Troutdale fuel tax collection method discussed at council
With the November election rapidly approaching, the Troutdale City Council introduced an ordinance to allow the Oregon Department of Transportation to collect a city fuel tax, if approved by voters.
ODOT already collects the state motor vehicle fuel tax and has a collection system in place, whereas Troutdale does not.
After months of discussion and exploration of options to increase street maintenance funds, the council agreed in July to place the 3 cent tax on the Nov. 3 ballot.
The city is reporting that less funding is expected to pass through from the statewide gas tax and into the city, meaning less revenue that can be used for street maintenance.
Barney and Worth, a consulting agency hired by the city to test the tax waters, have found that as long as the tax revenues are only used to maintain streets as required by law residents are supportive of the decision.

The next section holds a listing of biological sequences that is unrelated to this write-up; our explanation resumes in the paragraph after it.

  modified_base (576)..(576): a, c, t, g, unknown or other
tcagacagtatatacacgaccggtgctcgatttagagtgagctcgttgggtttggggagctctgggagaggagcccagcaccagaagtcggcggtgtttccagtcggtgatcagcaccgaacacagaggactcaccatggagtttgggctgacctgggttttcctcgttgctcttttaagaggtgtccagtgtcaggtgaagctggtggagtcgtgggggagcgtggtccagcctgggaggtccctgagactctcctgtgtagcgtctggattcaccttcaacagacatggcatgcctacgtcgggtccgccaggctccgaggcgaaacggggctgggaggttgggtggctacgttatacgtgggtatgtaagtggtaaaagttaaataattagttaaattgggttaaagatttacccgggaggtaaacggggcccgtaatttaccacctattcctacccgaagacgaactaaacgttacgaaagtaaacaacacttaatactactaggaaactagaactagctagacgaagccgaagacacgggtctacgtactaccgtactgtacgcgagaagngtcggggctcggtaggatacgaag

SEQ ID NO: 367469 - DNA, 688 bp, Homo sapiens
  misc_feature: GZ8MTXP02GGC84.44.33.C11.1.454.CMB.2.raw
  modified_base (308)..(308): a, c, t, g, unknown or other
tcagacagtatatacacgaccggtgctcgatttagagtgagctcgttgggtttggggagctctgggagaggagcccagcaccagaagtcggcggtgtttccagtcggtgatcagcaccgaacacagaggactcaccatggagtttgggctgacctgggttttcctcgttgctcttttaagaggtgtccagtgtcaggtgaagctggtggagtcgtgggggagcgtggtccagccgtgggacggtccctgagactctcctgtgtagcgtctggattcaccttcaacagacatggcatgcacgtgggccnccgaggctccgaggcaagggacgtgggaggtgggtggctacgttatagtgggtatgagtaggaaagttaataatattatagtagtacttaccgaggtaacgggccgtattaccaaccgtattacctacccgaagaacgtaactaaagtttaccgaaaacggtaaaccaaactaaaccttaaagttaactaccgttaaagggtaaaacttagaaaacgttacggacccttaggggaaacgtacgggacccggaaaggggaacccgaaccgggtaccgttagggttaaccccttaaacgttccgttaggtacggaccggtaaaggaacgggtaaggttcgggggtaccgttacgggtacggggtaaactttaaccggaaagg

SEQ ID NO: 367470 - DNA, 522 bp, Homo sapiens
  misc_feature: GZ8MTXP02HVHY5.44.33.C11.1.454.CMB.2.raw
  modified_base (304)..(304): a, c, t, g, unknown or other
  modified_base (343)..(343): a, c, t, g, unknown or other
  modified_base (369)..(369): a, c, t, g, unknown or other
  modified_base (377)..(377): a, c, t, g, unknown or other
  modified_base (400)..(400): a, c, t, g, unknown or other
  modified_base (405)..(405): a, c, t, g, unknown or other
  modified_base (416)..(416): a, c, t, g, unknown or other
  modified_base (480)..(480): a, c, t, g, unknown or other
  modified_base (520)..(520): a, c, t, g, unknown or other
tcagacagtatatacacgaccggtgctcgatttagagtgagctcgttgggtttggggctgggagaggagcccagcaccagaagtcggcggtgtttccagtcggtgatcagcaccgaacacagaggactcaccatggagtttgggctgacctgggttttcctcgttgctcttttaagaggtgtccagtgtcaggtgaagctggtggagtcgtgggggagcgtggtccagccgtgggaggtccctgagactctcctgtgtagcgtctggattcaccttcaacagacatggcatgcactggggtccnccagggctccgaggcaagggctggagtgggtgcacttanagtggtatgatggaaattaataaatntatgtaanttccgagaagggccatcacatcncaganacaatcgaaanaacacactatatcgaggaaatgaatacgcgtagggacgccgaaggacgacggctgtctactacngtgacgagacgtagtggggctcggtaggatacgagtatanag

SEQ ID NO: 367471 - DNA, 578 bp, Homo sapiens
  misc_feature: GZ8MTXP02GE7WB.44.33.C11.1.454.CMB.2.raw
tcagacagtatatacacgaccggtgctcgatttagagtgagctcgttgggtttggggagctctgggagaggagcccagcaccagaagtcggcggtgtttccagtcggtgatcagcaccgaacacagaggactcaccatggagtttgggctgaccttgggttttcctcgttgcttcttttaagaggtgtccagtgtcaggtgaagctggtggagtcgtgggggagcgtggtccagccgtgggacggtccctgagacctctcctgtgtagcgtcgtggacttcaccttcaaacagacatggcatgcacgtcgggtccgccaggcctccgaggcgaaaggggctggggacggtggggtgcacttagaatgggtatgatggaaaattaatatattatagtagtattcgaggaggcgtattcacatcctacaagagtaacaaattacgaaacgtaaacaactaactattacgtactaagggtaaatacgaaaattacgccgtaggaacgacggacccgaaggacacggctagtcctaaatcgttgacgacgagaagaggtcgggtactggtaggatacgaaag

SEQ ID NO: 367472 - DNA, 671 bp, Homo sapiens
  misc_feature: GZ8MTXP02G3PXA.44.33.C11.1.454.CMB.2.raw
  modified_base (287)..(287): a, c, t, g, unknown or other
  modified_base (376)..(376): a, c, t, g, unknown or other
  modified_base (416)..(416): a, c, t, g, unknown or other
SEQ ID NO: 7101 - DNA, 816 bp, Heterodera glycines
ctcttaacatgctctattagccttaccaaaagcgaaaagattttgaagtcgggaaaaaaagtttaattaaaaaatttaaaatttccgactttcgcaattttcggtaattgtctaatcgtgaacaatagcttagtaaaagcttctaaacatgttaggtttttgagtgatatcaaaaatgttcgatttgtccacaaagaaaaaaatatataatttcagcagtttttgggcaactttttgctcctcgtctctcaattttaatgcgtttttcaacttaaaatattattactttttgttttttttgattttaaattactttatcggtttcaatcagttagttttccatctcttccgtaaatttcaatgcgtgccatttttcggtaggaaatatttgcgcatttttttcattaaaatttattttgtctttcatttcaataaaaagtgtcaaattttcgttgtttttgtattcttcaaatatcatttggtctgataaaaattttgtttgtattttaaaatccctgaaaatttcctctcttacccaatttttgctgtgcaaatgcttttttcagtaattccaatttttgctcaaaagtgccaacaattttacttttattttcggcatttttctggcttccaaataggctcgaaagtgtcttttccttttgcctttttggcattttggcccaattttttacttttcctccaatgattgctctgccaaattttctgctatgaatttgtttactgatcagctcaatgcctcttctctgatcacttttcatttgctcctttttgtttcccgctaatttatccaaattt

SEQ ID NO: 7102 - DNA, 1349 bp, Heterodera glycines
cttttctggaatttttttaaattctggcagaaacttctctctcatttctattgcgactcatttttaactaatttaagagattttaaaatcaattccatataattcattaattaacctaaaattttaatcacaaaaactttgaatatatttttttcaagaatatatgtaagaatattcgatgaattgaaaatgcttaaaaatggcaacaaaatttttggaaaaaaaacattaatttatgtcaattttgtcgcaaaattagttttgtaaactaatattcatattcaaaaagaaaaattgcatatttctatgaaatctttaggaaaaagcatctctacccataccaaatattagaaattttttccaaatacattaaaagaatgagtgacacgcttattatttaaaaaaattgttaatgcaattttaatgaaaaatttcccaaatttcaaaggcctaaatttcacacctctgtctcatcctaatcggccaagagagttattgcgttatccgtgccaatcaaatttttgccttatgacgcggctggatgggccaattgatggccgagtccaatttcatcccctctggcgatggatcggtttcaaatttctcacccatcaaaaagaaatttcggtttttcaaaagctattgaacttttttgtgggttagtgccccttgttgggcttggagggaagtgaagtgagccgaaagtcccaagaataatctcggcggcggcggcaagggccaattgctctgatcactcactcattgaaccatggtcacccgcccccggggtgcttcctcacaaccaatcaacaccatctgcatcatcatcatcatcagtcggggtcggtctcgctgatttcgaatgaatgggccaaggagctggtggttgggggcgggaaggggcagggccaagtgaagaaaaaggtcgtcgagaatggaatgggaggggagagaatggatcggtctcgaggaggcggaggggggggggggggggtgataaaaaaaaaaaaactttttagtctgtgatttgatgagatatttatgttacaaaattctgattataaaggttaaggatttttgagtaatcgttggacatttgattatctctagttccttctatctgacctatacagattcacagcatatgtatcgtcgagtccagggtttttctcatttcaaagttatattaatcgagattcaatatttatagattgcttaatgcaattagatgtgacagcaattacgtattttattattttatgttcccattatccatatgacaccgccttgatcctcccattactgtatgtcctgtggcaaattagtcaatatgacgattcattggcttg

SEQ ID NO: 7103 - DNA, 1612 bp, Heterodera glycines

This is the implementing ordinance and will only be (utilized) if the voters approve the fuel tax, said Troutdale City Attorney Ed Trompke. It allows the city manager to enter into an agreement with ODOT in order to be more efficient. They do charge a small fee, but far less than what it would cost the city (to collect the tax).
Despite some public opposition at past meetings, raising concern about how the tax will effect gas prices at the pump, there was no discussion during the ordinances first reading Sept. 22.
Theres no relationship between a gas tax and the price gasoline is sold for. The idea that gas taxes are immediately going to drive up fuel pump prices (3) cents, it isnt going to happen that way, Clark Worth said in July. Based on experiences of other cities, you cannot predict that will be the effect.
The measure would be implemented Jan. 1, 2016, if passed by voters. It also includes a public accountability system to track gas tax revenue and program expenditures, further soothing public concern for their tax funds.
The City Council will vote on the ordinance at its next meeting at 7 p.m. Oct. 13.